Analysis of sediments taken from Finlaggan Loch on Islay has revealed detailed information about human activity around the powerbase for the first time and illuminates life during the rule of Somerled, the Norse-Gaelic earl regarded as first Lord of the Isles and who controlled a large part of the islands, Argyll and the Isle of Man.
Sedimentary ancient DNA (sedaDNA) taken by Professor Tony Brown, a geoarchaeologist at the University of Southampton and the University of Tromsø in Norway, has revealed the plants and animals that populated the landscape from around 1,000 years ago.
Prof Brown described Finlaggan like a “capital settlement” where a significant population farmed the land, with evidence of berries, crops, cows, goats and sheep found.
He said: “The analysis tells us this was a significant centre of population and agricultural activity that might have been supporting the wider area of the island.
“The archaeology is OK for building history and you can match that to documentary records, such as who was the laird, or in this case who was the Lord of the Isles, but it doesn’t really tell you about what the site was used for and the human activity there.
"From what we know now, it’s got to be much more than a centre for a kingly population. I think it is much more than that. It’s thriving, it’s a capital settlement.”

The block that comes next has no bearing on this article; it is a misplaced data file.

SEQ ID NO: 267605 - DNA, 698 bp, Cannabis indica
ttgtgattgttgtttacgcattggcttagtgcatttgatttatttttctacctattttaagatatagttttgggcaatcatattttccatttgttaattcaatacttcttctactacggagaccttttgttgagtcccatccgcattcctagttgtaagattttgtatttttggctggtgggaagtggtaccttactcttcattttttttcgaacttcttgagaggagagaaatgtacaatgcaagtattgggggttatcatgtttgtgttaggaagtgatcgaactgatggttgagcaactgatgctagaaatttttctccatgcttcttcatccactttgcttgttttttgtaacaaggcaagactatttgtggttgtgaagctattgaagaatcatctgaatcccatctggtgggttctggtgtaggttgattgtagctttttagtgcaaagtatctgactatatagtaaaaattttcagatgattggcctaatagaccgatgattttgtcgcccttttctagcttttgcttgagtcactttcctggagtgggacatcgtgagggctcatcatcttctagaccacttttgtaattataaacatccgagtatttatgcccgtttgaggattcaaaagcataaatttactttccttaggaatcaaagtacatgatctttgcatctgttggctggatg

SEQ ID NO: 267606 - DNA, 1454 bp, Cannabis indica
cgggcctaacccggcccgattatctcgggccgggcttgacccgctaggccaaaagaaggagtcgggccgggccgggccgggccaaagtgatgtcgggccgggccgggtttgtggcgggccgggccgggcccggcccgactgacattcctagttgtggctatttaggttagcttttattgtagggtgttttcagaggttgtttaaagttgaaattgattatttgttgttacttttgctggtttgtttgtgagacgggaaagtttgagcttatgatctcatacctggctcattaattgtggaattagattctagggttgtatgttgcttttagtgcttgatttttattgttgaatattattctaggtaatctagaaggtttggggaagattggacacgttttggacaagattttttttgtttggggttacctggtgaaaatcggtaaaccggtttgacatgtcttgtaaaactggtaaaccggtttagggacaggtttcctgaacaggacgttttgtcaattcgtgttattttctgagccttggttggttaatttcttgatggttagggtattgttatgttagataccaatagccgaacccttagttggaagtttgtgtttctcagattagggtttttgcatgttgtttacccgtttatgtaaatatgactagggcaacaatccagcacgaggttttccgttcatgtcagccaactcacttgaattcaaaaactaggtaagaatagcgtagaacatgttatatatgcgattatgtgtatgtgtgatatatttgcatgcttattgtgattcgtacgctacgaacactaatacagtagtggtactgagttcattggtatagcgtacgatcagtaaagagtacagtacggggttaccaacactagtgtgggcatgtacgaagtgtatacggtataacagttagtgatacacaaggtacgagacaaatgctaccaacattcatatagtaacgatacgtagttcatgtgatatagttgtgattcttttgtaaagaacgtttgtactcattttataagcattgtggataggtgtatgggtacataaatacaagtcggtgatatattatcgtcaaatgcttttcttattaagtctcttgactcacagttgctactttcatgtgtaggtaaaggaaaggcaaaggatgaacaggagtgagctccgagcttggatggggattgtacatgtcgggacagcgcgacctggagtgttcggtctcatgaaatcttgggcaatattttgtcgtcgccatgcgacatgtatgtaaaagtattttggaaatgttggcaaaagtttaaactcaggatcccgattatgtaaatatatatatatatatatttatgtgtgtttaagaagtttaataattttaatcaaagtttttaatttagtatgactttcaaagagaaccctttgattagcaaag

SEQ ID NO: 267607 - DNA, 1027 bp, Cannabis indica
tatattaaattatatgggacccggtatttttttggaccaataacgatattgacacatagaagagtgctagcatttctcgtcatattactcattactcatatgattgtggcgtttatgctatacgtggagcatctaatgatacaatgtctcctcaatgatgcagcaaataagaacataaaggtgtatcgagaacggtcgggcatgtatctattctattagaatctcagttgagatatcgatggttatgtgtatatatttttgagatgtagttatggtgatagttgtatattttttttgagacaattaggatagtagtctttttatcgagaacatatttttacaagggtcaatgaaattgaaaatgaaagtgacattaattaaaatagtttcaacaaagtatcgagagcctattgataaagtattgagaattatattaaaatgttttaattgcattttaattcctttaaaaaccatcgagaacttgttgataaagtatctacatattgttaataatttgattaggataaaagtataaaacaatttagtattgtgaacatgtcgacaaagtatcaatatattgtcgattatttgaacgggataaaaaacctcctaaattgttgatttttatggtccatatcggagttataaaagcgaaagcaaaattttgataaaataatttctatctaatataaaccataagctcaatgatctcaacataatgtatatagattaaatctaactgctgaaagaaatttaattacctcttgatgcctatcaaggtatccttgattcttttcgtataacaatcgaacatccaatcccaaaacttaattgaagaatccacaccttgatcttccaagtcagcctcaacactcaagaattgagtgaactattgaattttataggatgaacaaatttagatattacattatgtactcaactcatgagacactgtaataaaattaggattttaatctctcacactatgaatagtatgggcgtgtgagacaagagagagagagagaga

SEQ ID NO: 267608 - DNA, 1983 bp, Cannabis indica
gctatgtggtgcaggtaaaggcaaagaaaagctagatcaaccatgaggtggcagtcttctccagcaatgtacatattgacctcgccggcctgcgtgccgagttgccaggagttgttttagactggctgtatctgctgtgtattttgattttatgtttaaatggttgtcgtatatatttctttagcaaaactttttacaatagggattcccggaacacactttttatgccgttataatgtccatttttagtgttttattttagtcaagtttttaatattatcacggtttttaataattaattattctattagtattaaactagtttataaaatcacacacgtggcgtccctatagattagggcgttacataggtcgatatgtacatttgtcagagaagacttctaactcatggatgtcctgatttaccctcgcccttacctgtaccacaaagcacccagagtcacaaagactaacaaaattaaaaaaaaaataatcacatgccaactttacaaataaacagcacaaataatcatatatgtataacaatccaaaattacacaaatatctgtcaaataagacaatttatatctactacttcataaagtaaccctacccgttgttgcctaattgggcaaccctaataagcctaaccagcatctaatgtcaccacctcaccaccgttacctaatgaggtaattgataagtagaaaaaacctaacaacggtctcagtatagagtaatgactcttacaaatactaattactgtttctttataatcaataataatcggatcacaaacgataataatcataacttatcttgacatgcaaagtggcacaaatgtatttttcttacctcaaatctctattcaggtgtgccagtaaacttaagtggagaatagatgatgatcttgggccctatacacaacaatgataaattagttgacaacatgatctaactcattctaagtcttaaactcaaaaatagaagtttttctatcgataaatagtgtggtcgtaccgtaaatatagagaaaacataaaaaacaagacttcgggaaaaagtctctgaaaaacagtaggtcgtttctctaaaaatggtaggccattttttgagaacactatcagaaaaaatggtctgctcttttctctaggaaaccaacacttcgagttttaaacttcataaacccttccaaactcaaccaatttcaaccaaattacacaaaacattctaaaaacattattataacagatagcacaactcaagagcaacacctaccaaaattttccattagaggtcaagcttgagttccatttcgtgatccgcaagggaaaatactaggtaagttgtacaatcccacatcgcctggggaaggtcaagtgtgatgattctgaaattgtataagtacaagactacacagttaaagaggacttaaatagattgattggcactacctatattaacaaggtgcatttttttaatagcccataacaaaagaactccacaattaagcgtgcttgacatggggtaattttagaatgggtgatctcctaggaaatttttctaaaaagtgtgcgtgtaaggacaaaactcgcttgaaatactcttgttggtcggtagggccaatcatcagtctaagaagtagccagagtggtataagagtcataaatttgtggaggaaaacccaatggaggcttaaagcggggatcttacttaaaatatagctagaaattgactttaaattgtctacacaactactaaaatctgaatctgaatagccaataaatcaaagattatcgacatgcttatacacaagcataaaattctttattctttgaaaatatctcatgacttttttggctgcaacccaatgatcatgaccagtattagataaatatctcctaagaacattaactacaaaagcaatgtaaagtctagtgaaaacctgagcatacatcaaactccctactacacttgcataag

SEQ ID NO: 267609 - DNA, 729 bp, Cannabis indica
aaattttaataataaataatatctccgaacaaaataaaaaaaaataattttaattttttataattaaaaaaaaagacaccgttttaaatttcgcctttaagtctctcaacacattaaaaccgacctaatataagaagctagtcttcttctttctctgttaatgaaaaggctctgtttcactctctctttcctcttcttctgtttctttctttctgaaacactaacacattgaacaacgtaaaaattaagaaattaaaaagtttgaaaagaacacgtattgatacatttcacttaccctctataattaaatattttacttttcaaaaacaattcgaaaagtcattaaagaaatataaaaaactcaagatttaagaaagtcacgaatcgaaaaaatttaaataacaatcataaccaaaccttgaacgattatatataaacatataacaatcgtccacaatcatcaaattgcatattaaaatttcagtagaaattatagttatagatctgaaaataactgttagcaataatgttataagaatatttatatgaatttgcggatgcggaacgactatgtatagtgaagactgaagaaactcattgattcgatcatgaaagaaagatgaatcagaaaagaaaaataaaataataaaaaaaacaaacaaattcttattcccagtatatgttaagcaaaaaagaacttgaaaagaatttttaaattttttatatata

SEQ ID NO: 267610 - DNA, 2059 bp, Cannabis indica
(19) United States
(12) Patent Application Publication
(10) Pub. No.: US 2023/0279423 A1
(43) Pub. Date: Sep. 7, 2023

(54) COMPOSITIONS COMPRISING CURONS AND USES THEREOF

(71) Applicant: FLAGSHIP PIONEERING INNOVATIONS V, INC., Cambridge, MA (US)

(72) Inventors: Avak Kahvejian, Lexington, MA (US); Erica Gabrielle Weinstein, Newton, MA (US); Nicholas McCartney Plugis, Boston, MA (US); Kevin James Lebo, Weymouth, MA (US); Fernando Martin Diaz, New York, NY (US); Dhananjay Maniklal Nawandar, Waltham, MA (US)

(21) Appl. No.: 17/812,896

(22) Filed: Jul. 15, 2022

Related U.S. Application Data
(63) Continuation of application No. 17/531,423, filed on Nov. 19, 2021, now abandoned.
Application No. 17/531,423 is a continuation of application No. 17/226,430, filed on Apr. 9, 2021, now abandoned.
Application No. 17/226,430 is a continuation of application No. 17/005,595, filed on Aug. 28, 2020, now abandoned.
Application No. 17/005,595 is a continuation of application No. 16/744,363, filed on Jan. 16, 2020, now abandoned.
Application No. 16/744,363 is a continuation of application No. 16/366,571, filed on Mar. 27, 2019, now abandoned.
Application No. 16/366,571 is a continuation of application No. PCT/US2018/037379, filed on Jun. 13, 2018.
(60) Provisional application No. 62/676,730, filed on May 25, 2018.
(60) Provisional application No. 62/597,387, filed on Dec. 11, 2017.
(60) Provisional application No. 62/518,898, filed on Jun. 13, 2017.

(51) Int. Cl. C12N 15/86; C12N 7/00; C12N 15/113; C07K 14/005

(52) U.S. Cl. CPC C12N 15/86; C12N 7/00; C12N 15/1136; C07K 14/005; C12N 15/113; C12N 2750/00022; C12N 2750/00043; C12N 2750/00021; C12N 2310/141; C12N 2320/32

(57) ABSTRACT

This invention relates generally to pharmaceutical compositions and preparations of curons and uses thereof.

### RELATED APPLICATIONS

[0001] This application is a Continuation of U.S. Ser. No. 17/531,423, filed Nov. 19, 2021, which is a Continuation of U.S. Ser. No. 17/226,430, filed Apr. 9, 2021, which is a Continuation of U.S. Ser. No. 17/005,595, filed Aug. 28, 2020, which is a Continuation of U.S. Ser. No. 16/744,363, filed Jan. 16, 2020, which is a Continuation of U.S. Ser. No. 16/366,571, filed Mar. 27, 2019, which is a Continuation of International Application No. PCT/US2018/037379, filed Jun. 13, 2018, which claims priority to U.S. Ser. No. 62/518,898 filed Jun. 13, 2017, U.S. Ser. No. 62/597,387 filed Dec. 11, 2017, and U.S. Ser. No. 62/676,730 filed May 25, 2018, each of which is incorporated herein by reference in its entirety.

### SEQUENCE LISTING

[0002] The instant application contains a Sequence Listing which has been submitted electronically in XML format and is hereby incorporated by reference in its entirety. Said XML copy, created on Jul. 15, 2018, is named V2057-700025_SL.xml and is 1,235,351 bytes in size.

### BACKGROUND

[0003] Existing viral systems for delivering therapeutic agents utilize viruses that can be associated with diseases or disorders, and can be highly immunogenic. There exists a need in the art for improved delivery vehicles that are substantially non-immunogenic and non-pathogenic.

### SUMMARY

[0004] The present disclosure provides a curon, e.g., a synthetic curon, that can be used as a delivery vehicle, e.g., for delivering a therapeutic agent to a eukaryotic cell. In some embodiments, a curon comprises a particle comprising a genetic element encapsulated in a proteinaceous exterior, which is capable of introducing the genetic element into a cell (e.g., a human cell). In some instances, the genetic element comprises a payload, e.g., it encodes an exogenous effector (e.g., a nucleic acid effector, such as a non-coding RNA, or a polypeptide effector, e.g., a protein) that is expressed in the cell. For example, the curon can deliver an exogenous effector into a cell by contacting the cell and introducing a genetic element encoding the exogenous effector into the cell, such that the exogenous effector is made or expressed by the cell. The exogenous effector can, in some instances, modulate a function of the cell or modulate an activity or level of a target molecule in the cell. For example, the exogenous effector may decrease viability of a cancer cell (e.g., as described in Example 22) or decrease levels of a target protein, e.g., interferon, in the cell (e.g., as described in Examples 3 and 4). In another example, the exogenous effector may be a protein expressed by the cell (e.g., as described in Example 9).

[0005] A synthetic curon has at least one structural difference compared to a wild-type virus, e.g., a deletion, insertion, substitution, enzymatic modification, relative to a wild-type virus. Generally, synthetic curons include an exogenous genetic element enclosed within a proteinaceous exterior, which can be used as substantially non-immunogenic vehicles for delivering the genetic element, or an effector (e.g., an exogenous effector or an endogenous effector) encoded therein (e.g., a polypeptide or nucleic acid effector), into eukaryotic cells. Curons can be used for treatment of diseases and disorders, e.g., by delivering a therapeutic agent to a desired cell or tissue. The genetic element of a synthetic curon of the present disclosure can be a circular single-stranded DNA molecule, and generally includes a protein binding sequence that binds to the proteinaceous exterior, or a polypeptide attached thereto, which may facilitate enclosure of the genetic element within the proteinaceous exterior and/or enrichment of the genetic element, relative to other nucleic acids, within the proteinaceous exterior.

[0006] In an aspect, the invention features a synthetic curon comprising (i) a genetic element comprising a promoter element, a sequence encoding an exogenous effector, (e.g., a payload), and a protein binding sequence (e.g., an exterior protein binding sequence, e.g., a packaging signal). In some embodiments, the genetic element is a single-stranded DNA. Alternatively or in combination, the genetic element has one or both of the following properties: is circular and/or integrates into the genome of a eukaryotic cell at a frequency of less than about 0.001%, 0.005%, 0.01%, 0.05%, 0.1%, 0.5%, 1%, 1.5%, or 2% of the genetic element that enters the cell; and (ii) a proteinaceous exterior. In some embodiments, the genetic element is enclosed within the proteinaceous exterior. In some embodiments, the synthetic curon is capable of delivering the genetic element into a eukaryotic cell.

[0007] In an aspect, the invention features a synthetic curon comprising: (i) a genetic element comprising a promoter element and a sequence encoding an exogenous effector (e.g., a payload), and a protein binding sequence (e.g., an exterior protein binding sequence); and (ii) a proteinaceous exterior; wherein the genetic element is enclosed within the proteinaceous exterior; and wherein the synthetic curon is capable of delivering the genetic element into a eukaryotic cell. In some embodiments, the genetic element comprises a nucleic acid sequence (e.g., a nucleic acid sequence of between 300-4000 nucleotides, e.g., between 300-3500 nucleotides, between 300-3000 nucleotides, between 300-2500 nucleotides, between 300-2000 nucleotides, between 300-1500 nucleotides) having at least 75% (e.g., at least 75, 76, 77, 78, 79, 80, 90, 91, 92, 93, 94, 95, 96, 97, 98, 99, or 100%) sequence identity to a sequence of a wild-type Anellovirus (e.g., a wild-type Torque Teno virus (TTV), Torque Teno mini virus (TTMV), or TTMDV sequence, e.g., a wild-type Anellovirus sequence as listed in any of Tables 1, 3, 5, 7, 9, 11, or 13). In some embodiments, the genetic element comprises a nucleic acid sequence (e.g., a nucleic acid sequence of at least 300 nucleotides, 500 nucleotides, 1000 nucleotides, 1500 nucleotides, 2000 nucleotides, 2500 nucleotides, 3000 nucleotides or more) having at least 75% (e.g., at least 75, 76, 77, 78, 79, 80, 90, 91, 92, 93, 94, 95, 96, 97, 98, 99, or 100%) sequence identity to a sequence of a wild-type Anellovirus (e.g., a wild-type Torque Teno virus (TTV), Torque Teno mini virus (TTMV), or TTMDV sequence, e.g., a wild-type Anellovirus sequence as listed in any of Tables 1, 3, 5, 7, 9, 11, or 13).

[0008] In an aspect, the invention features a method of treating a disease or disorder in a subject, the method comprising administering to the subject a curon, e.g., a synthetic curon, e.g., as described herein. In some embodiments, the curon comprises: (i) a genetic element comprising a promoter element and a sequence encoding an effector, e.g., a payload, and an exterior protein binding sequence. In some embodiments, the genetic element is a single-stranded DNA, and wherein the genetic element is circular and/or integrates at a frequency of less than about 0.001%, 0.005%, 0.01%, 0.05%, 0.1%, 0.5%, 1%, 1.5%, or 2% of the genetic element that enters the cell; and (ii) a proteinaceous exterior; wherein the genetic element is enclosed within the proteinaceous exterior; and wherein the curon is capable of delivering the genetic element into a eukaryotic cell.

Traces of prunus – either cherries, sloe or blackthorn – oats and probably flax, which could indicate a form of industry, were found from the period that covers the reign of Somerled, who built a castle at Finlaggan in 1138.
Prof Brown said: “It looks almost like a monastic community. We know that the Lords of the Isles regarded themselves as important Christian figures.”
The DNA disappears in 1277, which could reflect a change in activity on the site, Prof Brown said.
The Treaty of Perth, signed in 1266, resulted in Scotland securing sovereignty over the islands, following a financial settlement with Norway.
Prof Brown said: “If you look after about 1280, there is very little activity at Finlaggan and that fits with Scotland asserting its control. The site goes into immediate inactivity. Perhaps it is even abandoned. It perhaps dies earlier than we have first expected.”
The kingdom rose again under Clan Macdonald, with the Lordship, privy councillors and religious figures gathering on islands in the loch to discuss governance and legal matters of the day.
After the Lordship was seized by the Scottish Crown at the end of the 15th century, activity at Finlaggan again dies away with traces of potato showing up in the 18th century.
Sedimentary ancient DNA (sedaDNA) is analysed using PCR testing like that used to detect coronavirus, Prof Brown said.
He said research had been delayed as chemicals and some lab equipment could not be sourced given the pressures on supply due to the pandemic.
The Finlaggan analysis comes as part of research into changing landscapes, environment and population on islands in the Sea of Moyle over the last three millennia. Colonsay, Mull, Iona, Lismore and Gigha are also being surveyed in Scotland.